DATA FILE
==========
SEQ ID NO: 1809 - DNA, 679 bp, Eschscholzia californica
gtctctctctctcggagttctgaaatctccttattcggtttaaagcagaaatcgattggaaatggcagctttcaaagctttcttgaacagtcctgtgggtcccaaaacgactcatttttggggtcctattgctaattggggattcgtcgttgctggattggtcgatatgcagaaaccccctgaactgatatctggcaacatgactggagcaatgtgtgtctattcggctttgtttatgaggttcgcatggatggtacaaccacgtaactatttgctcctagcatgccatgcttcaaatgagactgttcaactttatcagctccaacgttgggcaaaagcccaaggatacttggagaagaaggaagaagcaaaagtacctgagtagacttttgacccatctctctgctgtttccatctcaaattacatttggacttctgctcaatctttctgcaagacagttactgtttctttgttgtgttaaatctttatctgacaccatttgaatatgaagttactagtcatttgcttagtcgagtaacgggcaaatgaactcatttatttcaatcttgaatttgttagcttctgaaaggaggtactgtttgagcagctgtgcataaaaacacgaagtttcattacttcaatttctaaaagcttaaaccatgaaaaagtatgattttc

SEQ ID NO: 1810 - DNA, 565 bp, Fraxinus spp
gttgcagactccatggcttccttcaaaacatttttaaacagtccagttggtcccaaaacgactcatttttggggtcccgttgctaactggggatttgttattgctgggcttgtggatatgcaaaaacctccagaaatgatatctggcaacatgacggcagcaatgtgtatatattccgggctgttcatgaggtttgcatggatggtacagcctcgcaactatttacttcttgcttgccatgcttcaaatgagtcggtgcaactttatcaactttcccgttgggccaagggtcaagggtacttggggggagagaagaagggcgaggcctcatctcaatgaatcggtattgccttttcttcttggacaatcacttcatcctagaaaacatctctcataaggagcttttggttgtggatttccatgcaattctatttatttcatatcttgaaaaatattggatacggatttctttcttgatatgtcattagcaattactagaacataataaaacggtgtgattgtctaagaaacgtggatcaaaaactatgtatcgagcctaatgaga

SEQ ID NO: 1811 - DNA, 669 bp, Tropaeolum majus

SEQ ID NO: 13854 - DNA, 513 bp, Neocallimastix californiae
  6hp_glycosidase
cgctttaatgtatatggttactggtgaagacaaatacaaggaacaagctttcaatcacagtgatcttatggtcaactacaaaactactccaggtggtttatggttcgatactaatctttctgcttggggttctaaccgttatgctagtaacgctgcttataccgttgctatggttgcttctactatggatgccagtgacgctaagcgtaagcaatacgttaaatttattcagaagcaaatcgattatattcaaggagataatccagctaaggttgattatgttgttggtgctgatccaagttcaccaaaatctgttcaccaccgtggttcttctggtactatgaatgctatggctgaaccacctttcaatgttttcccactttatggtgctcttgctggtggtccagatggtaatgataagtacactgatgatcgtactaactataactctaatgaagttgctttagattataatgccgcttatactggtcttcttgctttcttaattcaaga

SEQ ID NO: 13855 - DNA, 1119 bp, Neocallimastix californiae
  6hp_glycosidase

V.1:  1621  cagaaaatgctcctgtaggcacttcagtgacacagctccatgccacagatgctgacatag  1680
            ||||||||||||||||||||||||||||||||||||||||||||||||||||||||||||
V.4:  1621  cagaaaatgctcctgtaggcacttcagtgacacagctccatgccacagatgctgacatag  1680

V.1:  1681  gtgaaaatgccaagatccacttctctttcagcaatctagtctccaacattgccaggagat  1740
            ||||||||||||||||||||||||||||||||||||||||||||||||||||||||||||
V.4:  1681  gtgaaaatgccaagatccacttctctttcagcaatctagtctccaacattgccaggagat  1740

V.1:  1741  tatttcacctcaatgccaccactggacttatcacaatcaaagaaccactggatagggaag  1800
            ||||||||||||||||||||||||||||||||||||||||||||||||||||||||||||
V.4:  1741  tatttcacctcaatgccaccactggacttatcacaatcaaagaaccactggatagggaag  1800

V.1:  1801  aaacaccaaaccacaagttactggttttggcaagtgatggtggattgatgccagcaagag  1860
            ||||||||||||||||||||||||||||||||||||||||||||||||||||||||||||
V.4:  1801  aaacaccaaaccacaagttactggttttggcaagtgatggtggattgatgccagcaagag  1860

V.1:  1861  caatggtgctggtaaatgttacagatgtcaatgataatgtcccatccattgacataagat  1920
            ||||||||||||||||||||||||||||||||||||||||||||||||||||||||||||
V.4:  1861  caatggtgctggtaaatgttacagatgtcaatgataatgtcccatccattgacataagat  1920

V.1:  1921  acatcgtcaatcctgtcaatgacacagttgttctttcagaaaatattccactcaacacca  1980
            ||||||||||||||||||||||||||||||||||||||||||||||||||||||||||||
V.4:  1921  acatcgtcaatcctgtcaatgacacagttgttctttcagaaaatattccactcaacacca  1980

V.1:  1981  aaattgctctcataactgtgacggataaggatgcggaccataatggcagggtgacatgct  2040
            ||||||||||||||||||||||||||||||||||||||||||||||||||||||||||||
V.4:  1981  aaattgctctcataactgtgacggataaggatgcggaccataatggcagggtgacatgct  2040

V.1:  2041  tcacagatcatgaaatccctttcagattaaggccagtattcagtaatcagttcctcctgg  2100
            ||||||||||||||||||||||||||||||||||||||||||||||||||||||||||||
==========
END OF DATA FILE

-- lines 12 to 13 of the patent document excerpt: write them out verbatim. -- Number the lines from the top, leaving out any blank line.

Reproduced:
            ||||||||||||||||||||||||||||||||||||||||||||||||||||||||||||
V.4:  1621  cagaaaatgctcctgtaggcacttcagtgacacagctccatgccacagatgctgacatag  1680